A federal judge on Wednesday ruled that the trial of the accused Boston Marathon bomber will begin next week as planned, and it will take place in Boston.
On New Year’s Eve, Judge George O’Toole denied motions by lawyers for Dzhokhar Tsarnaev to change the venue and to delay the start of the trial.
As a result, jury selection is set to begin Monday at the district courthouse in South Boston.
Mr. Tsarnaev’s lawyers had cited extensive pre-trial publicity that they argued would make it impossible for him to receive a fair trial in the city. They also noted that, as currently scheduled, the penalty phase of the trial would likely occur during the two-year anniversary of the attack.
Two bombs went off at the finish line of the 2013 Boston Marathon, killing three people and wounding more than 260 in an act of terrorism that stunned the country. Police arrested Tsarnaev after a three-day manhunt and a shootout in which Tsarnaev's older brother, Tamerlan, was killed.
If found guilty, Tsarnaev, 21, could face the death penalty. In the penalty phase of the trial the jury would have to decide, unanimously, if Tsarnaev should be sentenced to death or given life in prison.
Wednesday’s decision marks the second time Judge O’Toole has denied defense motions to move the trial outside of Boston. For many legal observers, it is not surprising that he chose again to keep the trial in Boston. The judge said in his first decision in September to keep the trial in Boston that, while the case has attracted significant media attention, the defense team failed to show that the hype would prejudice a fair, impartial jury.
“I can’t think of what’s happened in the interim that would cause [O’Toole] to reverse himself,” says Rosanna Cavallaro, a law professor at Suffolk University and former state assistant attorney general. “I think the question has been well argued already. He wasn’t asleep the last time.”
Instead, she adds, the elapsed time made it even less likely that the trial be relocated. In particular, the court has been preparing for what is expected to be a long jury selection process. O’Toole has said he plans to call up to 1,000 potential jurors from across eastern Massachusetts to the court house next month, and prosecution and defense lawyers have been negotiating procedures for how potential jurors will be questioned and selected.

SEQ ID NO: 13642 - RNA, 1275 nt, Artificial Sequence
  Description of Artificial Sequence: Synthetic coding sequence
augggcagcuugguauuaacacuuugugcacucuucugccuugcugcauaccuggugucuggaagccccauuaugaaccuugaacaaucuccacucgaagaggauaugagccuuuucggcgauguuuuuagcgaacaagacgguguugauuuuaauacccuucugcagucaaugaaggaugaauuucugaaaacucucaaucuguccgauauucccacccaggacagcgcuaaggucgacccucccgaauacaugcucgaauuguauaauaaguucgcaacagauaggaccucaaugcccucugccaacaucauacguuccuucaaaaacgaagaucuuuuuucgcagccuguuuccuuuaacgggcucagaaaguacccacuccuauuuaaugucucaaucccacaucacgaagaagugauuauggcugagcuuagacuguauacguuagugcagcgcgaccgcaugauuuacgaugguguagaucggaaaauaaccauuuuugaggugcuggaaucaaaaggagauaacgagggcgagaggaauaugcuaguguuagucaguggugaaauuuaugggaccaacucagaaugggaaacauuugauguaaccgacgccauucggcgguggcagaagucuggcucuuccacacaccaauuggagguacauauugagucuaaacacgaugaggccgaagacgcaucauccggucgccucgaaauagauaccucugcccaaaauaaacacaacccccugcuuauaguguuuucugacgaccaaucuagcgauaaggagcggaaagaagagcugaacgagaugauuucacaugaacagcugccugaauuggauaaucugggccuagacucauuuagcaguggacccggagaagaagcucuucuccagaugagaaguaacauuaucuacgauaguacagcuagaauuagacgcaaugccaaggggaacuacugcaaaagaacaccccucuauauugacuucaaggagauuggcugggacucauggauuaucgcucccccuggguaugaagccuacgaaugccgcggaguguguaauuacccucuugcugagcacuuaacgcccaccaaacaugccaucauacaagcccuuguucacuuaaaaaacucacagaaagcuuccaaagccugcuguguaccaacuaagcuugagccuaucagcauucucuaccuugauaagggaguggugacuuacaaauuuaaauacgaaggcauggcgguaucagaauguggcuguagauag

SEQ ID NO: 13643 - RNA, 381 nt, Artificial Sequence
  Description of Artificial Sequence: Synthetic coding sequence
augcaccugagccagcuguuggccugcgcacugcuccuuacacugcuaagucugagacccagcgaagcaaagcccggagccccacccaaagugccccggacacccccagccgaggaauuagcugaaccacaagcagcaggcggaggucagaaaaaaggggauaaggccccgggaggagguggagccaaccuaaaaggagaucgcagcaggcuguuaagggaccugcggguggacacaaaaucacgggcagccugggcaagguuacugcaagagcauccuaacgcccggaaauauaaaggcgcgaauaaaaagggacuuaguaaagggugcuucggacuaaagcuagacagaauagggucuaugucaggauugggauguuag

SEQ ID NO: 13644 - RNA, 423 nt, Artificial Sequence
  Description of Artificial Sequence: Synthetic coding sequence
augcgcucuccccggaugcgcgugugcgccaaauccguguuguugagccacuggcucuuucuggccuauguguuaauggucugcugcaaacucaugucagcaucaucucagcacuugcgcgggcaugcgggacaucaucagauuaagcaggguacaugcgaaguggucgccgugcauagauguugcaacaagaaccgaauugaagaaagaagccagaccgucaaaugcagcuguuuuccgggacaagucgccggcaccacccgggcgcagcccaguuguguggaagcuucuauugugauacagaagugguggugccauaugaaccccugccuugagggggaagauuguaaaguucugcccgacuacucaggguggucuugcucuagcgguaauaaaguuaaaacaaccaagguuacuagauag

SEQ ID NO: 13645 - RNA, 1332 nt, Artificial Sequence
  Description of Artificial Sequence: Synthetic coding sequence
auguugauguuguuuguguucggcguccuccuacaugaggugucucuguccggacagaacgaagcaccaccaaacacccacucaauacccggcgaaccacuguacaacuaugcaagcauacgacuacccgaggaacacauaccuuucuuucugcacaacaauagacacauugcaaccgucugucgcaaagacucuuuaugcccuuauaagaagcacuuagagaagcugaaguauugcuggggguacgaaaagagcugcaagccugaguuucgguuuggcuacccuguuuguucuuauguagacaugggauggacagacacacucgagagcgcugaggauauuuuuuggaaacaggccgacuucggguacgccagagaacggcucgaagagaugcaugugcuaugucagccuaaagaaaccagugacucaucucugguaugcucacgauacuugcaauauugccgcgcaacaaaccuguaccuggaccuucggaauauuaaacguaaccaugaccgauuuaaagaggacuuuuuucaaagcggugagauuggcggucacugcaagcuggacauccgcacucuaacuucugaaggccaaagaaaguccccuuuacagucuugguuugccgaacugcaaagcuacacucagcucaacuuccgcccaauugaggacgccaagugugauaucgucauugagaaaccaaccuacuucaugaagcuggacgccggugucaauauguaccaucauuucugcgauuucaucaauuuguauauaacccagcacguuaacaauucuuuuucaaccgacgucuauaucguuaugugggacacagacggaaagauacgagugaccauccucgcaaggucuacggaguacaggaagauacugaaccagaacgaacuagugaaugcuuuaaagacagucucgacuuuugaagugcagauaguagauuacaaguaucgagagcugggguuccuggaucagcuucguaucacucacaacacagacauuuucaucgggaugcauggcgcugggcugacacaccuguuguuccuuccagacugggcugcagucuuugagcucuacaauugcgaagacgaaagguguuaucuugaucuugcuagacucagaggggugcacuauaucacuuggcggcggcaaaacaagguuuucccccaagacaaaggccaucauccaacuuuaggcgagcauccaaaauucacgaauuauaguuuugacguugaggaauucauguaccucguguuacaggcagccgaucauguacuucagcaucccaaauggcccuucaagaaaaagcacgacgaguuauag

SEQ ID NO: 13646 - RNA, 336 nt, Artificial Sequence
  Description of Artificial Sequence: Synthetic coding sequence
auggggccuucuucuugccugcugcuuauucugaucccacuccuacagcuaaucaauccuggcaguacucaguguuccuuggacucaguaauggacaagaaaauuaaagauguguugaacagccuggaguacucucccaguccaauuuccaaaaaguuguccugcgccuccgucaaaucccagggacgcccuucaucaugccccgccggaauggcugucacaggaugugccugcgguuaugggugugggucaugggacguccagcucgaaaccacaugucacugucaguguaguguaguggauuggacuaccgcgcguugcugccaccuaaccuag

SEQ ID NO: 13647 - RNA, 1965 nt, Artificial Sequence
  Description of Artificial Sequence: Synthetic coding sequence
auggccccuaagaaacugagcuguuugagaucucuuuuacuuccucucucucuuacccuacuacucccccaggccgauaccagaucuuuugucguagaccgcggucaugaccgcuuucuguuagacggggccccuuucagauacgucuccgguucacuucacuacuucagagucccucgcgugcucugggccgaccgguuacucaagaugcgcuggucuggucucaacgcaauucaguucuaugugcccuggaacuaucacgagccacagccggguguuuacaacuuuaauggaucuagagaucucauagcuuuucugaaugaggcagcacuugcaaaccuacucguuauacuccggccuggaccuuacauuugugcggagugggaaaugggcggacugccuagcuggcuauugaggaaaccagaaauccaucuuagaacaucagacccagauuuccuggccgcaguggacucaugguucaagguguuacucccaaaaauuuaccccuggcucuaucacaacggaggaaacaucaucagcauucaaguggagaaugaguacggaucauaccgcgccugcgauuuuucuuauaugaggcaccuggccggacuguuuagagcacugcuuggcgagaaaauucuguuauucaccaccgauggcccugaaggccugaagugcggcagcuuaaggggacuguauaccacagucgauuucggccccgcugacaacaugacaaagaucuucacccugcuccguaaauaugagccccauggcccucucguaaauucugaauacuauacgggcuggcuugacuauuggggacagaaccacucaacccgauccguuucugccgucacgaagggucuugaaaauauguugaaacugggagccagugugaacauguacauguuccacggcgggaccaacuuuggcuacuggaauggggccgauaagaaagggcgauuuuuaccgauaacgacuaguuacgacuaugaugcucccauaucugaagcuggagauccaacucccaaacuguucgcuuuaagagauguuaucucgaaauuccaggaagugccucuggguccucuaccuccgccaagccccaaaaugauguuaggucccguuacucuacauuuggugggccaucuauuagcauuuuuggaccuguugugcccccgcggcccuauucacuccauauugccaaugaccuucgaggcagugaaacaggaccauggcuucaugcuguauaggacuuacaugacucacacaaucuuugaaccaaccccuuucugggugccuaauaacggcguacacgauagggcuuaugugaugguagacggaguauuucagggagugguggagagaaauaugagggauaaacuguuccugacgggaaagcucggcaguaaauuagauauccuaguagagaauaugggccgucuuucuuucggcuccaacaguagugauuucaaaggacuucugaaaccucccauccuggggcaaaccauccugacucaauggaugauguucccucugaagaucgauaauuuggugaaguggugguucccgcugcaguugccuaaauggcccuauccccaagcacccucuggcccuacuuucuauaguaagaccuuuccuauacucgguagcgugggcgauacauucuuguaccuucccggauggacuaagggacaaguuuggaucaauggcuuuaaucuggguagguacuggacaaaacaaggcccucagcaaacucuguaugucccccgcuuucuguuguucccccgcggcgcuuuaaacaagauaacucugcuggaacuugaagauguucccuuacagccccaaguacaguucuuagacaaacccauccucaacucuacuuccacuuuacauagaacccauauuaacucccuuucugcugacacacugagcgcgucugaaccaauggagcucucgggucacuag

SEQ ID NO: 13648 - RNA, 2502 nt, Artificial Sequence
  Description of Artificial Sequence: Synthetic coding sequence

“What has changed is we’ve moved forward. We’ve created expectations, procedures are in place,” Ms. Cavallaro said. “Those would have to be dismantled [if the trial was moved].”
In addition, Cavallaro says the successful prosecution of three of Tsarnaev’s friends — Dias Kadyrbayev, Azamat Tazhayakov, and Robel Phillipos, who in the days after the bombings threw Tsarnaev’s backpack in the trash and then lied to federal investigators about it — has already shown that a jury is capable of reaching a verdict on charges related to the bombings.
Mr. Kadyrbayev and Mr. Tazhayakov have been found guilty of conspiracy, obstruction of justice, and lying to federal investigators. Mr. Phillipos was found guilty in October of lying to federal investigators.
“The fact that they have been tried means people aren’t so blinded by [media coverage] that they can’t listen to evidence,” says Cavallaro.
She adds that jurors who spoke after the trials made it clear that they “listened to lots of nuance.”
“The thing we know about jurors is that they take their responsibility very seriously,” Cavallaro adds.
Because the location of a trial determines where the jury pool will be selected from, the debate over whether the trial should stay in Boston has focused attention on whether the Eastern Massachusetts area can provide Tsarnaev an impartial jury, despite the impact the bombings had on the region.
Christopher Dearborn, a law professor at Suffolk University, says that by filing multiple motions to change the trial’s venue, even if they get denied, the defense team is building a strong record for a possible appeal in the future.
“I think they have to keep asking for it over and over,” says Mr. Dearborn. “The defense continues to renew this because they understand how significant it is, and [are] making sure the appellate record is very strong on this issue.”